May 2, 2021: Five bright planets are visible during a 24-hour interval. This evening, brilliant Evening Star Venus is in the west-northwest during bright twilight. Mercury is above Venus. Mercury is 3.4° to the lower left of the Pleaides star cluster. Mars is higher in the west when night falls.
by Jeffrey L. Hunt
Chicago, Illinois: Sunrise, 5:45 a.m. CDT; Sunset, 7:51 p.m. CDT. Check local sources for sunrise and sunset times for your location.
Five planets are visible during a 24-hour period. Brilliant Venus, Mercury, and Mars are in the western sky after sunset.
Brilliant Evening Star Venus shines during bright twilight from the west-northwest. Twenty minutes after sunrise, the Venusian World is about 5° above the west-northwest horizon.
Speedy Mercury is 5.4° above Venus. You might get them to fit into the same binocular field.
Mercury is enroute to its best evening appearance of the year.
By 45 minutes after sunset, Venus is below the horizon and Mercury is over 6° up in the west-northwest. With a clear horizon, the planet is easily visible to the unaided eye.
While the planet and the starry background is low in the sky, Mercury is to the lower left of the Pleiades star cluster. Use a binocular to bring out the star cluster because of its low altitude. Mercury is 3.1° to the lower left of Alcyone (η Tau on the chart), the cluster’s brightest star.
Read more about Venus in our summary document.
An hour after sunset, Mars, about one-third of the way up in the west, is marching eastward in Gemini, near the feet. It is 2.2° to the upper right of Tejat Posterior, “the heel,” (μ Gem on the chart) and 4.4° to the lower right of Mebsuta, “the lion’s paw,” (ε Gem).
The planet is not as bright as it was at the beginning of the year, but it is brighter than all the stars in its immediate vicinity.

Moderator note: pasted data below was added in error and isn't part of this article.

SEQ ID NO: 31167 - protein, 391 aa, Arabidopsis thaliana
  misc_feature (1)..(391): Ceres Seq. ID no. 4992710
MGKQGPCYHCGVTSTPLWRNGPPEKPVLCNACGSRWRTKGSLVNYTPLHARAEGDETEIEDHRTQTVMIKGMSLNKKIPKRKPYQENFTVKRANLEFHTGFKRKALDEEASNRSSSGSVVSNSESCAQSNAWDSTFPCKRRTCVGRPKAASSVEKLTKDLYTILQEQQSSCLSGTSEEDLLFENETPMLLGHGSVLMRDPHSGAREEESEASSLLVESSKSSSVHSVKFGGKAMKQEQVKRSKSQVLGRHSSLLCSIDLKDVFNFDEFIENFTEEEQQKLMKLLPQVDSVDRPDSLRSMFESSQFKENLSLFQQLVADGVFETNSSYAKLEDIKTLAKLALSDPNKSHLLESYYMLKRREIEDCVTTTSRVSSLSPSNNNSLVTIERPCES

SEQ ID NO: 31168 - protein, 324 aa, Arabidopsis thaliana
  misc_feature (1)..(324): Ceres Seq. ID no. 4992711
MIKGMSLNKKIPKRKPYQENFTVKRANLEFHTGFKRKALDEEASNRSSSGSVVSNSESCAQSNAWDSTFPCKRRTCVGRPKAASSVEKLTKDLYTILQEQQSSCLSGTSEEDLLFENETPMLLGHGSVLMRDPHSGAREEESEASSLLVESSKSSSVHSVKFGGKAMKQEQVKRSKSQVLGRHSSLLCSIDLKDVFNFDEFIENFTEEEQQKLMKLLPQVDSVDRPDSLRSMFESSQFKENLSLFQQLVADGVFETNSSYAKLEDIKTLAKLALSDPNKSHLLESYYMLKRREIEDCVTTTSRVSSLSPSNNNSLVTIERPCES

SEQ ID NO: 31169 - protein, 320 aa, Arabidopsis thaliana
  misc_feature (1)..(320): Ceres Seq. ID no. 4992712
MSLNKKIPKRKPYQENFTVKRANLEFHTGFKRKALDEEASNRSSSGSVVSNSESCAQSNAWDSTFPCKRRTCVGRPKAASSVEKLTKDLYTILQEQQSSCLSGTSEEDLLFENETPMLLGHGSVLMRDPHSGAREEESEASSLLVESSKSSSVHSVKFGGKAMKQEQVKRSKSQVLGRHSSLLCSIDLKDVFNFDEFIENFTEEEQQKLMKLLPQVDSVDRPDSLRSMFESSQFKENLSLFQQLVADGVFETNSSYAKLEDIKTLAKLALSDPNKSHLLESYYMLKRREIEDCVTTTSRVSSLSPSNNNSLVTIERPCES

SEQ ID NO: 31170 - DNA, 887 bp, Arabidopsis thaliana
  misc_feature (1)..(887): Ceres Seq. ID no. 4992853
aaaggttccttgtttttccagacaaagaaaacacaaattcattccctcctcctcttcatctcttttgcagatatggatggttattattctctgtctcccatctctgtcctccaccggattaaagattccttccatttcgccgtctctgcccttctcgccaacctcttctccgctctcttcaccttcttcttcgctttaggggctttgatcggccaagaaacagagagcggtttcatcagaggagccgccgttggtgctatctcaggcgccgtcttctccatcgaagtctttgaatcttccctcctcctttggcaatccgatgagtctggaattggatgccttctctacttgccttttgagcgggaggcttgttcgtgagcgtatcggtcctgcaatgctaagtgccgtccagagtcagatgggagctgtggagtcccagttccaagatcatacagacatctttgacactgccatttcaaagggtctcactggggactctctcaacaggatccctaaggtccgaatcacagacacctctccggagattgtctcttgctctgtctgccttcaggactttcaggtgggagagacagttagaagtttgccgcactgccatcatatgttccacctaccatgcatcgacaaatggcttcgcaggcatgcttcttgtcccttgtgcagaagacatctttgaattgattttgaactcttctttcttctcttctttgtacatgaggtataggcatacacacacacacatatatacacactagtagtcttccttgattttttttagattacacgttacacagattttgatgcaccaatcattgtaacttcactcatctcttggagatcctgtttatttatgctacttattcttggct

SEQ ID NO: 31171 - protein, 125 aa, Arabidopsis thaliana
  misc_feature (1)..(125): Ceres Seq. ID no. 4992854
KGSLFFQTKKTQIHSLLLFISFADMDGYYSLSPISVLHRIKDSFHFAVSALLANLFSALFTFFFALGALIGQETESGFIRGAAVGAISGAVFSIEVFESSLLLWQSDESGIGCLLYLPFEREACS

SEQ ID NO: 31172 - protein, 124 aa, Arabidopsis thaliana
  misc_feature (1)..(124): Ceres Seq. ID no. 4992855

Look for Jupiter and Saturn in the southeastern morning sky before sunrise.
Here’s more about Mars during 2021.
Detailed Note: One hour before sunrise, the moon (20.3d, 65%) is over 20° above the southeast horizon. It is 19° to the right of Saturn. Use a binocular to spot θ Cap, 0.9° to the lower left of the Ringed Wonder. Bright Jupiter is 15.4° to the lower left of Saturn. Use a binocular to see the Jovian Giant in front of the dimmer starry background. The planet is 5.0° to the left of δ Cap and 1.4° above ι Aqr. Twenty minutes after sunset, brilliant Venus is nearly 5° above the west-northwest horizon. Can you see it without a binocular? Mercury is 5.4° above Venus. If not naked eye at this time interval the planet shows as the sky darkens and the celestial sphere turns westward. By 45 minutes after sunset, Mercury is over 6° above the west-northwest horizon and 3.1° to the lower left of η Tau, the brightest star in the Pleiades star cluster. By one hour after sunset, Mars is over one-third of the way up in the west in Gemini. It is 2.2° to the upper right of μ Gem and 4.4° to the lower right of ε Gem. A binocular helps see the starfield with the planet.
Read more about the planets during May 2021.
July 26, 2021: Four bright planets are in the evening sky. Mars closes in on Regulus for their conjunction in three evenings. Brilliant Evening Star Venus appears to the upper left of the impending Mars – Regulus conjunction. Saturn and Jupiter are low in the southeastern sky after sunset.
July 25, 2021: Four evenings before its conjunction with Regulus, find Mars in the western sky to the lower right of Venus. As the calendar day ends, look for the moon below bright Jupiter.
July 24, 2021: After sunset, Venus and Mars are in the western sky. A little later during evening hours, the moon is near Jupiter and Saturn in the southeast.
July 23, 2021: Four bright planets are visible during evening hours. Venus and Mars are in the western sky after sunset. A little later, the moon is near Saturn and Jupiter in the southeastern sky.
July 29, 2021: Jupiter and Mars are 180° apart along the ecliptic. Dim Mars sets in the west-northwest as Jupiter rises in the east-southeast. This event signals that soon both appear in the sky simultaneously.